The PEOPLE of the State of California, Plaintiff and Respondent, v. WILSHIRE INSURANCE COMPANY, et al., Defendants and Appellants.
Action Bail Bonds and Wilshire Insurance Company appeal from orders denying their motion to vacate an order forfeiting bail.
Defendant Errol Hillebrenner was indicted on March 29, 1973, for a violation of section 11912 (now s 11379) of the Health and Safety Code. On April 20, 1973, a $7,000 bail bond was posted by Action Bail Bonds and the Wilshire Insurance Company.
On May 4, 1973, the matter was set for plea negotiations. The defendant was not present. The following exchange took place between the court and George Arack, the deputy public defender representing the defendant.
'THE COURT: 42436, People vs. Errol Hillebrenner.
'MR. ARACK: Mr. Hillebrenner is presently on $7,000 bail. He was arrested after bailing out on this particular offense. I think there's some kind of problem with him getting the trial date—or the pre-hearing date, rather. There's also another action pending in San Francisco. So, there's a possibility he might be in the San Francisco area. I talked with the Public Defender in San Francisco about the case. We'd ask that the matter go over to Tuesday, and I'll attempt to have him here at that time.
'THE COURT: All right, Tuesday, May the 8th, 1973, at nine a.m. for further plea negotiations.
'MR. ARACK: Thank you.'
On May 8, 1973, when the plea negotiations again came on before the court, the defendant again failed to appear. The court ordered the bail forfeited, and a no bail bench warrant issued. On November 28, 1973, appellants filed a motion to set aside the forfeiture on grounds unrelated to this appeal. The motion was denied on February 14, 1974, and summary judgment was entered the same day.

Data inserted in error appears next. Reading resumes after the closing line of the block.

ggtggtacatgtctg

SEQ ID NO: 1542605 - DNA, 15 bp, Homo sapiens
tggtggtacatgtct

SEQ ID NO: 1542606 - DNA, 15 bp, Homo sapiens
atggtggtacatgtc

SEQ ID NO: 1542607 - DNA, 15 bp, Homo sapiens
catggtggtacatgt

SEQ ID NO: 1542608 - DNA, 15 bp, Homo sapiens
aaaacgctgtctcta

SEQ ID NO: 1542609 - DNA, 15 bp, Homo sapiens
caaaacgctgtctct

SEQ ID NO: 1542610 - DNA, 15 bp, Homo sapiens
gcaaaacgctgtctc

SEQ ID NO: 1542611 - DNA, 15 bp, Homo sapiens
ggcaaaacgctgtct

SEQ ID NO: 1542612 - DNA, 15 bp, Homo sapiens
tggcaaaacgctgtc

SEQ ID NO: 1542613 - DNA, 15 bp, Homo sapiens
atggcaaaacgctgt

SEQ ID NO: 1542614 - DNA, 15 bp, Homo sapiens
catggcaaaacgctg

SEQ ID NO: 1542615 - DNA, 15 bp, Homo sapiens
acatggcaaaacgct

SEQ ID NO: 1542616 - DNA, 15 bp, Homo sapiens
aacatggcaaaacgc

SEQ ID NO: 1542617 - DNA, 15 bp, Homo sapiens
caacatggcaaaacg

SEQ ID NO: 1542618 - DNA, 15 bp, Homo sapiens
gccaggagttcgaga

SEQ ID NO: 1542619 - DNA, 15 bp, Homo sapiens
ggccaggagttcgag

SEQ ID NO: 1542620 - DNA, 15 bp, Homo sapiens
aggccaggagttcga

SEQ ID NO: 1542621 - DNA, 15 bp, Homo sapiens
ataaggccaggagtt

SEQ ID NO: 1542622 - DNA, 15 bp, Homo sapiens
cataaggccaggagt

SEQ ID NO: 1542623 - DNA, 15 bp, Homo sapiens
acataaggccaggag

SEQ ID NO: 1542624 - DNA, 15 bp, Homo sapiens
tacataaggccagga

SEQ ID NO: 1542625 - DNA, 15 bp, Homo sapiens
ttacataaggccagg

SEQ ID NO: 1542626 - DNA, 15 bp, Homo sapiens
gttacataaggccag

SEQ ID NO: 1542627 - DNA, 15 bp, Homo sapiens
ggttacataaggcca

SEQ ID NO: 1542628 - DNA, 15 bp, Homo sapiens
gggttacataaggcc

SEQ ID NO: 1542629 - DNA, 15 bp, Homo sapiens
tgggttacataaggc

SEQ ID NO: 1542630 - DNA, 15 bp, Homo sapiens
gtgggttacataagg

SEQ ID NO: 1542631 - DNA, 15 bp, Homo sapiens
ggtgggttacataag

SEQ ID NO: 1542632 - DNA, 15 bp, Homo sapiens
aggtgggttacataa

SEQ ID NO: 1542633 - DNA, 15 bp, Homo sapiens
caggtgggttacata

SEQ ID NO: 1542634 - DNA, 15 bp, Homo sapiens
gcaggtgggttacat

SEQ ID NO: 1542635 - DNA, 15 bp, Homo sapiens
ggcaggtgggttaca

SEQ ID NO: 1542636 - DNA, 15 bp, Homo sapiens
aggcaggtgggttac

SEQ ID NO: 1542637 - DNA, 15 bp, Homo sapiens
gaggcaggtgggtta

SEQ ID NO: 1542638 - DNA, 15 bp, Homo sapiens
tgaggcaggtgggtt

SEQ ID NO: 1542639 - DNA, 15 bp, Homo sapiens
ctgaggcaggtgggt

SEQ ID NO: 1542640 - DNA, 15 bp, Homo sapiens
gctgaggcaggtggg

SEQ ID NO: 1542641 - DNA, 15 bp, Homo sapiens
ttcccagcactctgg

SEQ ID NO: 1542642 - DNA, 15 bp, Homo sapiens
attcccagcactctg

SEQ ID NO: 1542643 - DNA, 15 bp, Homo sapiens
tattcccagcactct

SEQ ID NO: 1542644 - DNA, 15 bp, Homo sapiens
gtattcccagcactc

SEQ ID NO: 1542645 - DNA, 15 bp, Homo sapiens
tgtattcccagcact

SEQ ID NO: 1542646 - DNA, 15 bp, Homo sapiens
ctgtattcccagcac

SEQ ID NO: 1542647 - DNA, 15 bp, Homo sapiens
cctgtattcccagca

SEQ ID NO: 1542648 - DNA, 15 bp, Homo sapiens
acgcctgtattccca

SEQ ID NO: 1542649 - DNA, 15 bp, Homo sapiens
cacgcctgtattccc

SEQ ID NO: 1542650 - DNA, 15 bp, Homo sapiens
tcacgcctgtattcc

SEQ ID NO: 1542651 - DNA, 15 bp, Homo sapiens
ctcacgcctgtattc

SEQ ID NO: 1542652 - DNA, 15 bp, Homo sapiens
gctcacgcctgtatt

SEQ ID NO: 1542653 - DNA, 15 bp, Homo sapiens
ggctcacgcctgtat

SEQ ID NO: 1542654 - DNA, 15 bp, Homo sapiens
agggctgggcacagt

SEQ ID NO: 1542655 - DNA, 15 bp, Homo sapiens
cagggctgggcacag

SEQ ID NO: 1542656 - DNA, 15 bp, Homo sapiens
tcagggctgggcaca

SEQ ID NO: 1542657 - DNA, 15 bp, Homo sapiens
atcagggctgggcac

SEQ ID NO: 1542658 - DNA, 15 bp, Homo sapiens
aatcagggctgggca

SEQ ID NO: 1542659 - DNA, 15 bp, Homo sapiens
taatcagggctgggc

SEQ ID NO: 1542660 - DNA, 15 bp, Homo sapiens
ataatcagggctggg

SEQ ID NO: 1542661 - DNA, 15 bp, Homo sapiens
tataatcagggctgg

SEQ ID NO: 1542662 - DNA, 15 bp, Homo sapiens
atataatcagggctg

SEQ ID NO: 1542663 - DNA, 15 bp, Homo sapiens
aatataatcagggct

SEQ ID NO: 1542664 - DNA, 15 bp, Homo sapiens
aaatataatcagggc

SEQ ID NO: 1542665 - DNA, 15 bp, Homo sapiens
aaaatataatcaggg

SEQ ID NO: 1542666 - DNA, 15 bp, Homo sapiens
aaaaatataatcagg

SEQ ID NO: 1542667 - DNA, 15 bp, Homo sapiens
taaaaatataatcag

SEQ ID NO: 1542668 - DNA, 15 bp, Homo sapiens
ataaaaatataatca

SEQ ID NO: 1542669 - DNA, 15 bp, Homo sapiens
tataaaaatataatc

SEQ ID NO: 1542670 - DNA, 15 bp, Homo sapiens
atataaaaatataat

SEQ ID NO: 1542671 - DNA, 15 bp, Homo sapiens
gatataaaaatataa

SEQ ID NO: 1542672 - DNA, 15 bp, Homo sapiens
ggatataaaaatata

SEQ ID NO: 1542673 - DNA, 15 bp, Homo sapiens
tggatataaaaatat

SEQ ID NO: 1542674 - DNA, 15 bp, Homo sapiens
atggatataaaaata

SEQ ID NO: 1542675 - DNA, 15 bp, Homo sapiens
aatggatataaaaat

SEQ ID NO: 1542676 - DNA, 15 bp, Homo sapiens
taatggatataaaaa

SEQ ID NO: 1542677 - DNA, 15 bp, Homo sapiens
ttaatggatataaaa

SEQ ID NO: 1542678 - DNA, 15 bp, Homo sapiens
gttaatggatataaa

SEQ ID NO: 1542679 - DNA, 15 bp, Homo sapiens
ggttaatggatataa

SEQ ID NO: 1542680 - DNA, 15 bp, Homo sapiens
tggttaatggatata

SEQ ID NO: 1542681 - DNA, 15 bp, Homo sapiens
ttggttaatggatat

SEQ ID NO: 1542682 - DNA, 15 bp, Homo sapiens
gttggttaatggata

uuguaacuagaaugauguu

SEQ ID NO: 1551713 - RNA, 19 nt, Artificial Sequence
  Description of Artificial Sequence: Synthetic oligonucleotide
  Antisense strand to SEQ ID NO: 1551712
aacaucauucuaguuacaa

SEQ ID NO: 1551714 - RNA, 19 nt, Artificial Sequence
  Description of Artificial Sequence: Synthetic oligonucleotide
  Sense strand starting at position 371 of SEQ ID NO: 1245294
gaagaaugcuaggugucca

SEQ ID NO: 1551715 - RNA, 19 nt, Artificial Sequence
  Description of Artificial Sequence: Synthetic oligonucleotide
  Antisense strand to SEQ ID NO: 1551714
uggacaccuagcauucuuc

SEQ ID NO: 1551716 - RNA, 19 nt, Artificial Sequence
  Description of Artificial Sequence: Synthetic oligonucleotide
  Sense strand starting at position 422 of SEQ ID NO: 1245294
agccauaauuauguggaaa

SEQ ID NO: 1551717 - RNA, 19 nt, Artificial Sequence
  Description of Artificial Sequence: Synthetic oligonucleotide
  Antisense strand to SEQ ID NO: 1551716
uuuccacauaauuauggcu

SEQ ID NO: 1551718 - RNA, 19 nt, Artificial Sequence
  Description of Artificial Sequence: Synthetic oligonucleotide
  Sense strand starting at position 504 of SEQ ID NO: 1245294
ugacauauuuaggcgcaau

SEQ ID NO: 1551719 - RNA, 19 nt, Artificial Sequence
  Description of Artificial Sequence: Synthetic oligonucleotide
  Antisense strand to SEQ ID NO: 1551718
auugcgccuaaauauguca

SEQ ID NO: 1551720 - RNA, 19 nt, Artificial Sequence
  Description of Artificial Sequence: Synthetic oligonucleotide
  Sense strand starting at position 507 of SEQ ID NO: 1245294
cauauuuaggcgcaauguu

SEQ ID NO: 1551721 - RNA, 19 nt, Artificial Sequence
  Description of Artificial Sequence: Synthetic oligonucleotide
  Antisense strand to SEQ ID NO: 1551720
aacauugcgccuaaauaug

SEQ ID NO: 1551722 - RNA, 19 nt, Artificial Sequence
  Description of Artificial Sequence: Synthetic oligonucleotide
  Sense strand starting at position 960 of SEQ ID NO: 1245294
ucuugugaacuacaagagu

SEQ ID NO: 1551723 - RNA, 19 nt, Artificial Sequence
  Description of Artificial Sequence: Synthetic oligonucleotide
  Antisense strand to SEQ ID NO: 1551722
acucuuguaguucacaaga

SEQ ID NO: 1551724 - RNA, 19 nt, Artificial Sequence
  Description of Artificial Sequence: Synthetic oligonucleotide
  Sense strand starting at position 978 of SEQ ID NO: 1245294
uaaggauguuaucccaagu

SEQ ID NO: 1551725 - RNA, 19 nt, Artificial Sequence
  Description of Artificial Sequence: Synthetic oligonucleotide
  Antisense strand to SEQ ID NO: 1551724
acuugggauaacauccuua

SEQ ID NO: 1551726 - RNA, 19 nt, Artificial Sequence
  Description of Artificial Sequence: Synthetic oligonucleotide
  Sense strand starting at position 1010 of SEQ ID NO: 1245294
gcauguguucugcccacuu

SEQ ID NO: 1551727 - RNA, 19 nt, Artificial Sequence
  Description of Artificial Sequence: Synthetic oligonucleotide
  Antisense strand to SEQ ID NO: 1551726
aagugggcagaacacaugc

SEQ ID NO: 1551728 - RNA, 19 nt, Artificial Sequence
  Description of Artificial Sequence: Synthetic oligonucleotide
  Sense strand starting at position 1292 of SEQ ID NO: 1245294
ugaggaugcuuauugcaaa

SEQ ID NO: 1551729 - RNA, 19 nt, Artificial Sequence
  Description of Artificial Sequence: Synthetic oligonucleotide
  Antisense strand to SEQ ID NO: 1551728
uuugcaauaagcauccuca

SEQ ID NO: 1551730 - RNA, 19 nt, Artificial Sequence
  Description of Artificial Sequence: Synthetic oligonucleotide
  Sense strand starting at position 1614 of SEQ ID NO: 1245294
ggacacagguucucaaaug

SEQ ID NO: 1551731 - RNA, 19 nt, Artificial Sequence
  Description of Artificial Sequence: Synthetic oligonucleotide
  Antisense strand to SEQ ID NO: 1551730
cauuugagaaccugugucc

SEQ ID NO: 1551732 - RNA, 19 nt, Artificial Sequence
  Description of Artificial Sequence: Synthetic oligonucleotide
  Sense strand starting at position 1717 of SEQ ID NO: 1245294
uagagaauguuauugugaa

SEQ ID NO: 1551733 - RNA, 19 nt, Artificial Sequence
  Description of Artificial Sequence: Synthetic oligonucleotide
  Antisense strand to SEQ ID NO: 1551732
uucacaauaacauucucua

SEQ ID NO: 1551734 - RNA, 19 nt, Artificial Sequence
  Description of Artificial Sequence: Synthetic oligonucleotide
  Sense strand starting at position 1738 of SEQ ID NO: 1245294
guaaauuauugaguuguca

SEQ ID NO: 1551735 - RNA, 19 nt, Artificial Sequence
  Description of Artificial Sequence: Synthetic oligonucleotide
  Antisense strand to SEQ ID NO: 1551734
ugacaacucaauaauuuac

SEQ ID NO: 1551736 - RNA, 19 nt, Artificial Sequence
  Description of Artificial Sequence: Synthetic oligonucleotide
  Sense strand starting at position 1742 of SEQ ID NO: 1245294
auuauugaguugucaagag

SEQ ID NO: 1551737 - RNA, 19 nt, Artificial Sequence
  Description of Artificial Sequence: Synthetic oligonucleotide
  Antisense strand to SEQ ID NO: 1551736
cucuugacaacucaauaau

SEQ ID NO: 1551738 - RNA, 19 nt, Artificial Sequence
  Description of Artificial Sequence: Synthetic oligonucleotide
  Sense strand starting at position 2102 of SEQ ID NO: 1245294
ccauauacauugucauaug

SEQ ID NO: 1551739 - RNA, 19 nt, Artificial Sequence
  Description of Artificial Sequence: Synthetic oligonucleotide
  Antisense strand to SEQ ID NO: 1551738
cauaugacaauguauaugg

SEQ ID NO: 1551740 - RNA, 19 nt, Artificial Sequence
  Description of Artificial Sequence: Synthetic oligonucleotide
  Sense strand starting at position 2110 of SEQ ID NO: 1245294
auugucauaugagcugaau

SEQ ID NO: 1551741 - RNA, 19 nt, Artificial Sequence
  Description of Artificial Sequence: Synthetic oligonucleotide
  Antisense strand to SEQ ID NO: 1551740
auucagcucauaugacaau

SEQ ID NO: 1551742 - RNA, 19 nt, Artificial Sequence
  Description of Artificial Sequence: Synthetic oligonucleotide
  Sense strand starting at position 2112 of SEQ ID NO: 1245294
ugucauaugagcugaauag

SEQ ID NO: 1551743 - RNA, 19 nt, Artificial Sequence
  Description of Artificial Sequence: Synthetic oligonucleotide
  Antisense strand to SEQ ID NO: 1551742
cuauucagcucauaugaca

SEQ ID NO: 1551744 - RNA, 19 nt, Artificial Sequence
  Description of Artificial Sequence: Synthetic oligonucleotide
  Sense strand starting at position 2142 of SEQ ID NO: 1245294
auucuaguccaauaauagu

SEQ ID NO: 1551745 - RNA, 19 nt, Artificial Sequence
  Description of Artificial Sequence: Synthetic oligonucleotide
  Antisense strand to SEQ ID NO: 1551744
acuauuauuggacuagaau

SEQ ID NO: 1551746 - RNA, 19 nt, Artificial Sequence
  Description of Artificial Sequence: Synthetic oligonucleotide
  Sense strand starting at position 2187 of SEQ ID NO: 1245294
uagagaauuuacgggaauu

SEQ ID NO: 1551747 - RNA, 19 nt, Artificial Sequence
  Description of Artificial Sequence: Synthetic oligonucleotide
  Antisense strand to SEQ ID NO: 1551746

On February 28, 1974, appellants filed a notice of motion ‘to vacate and set aside order granting summary judgment and order of forfeiture and for exoneration of bail bond.’ The sole ground for this motion was that the order and judgment were void for lack of jurisdiction. The motion was denied on March 21, 1974. On appeal, appellants renew their contention, asserting that on May 8, 1973, the trial court acted in excess of its jurisdiction in ordering the bail forfeited and that on May 4, 1973, the court lost jurisdiction to order a forfeiture when it failed to act upon defendant's initial failure to appear.
Although appellants purport to appeal both from the order rejecting their attempt to vacate the order of forfeiture and from the order denying their motion to vacate the summary judgment, their jurisdictional attack occurred in the latter proceeding. The order refusing to vacate the summary judgment is independently appealable. (See 6 Witkin, Cal.Procedure (2d ed. 1971) Appeal, s 94, p. 4100.) We utilize the appeal from that order as the vehicle for considering appellants' attack on the summary judgment.
Appellants base their claim of lack of jurisdiction upon two recent cases interpreting section 1305 of the Penal Code, People v. United Bonding Ins. Co. (1971) 5 Cal.3d 898, 98 Cal.Rptr. 57, 489 P.2d 1385 and People v. Surety Ins. Co. (1973) 34 Cal.App.3d 444, 109 Cal.Rptr. 894.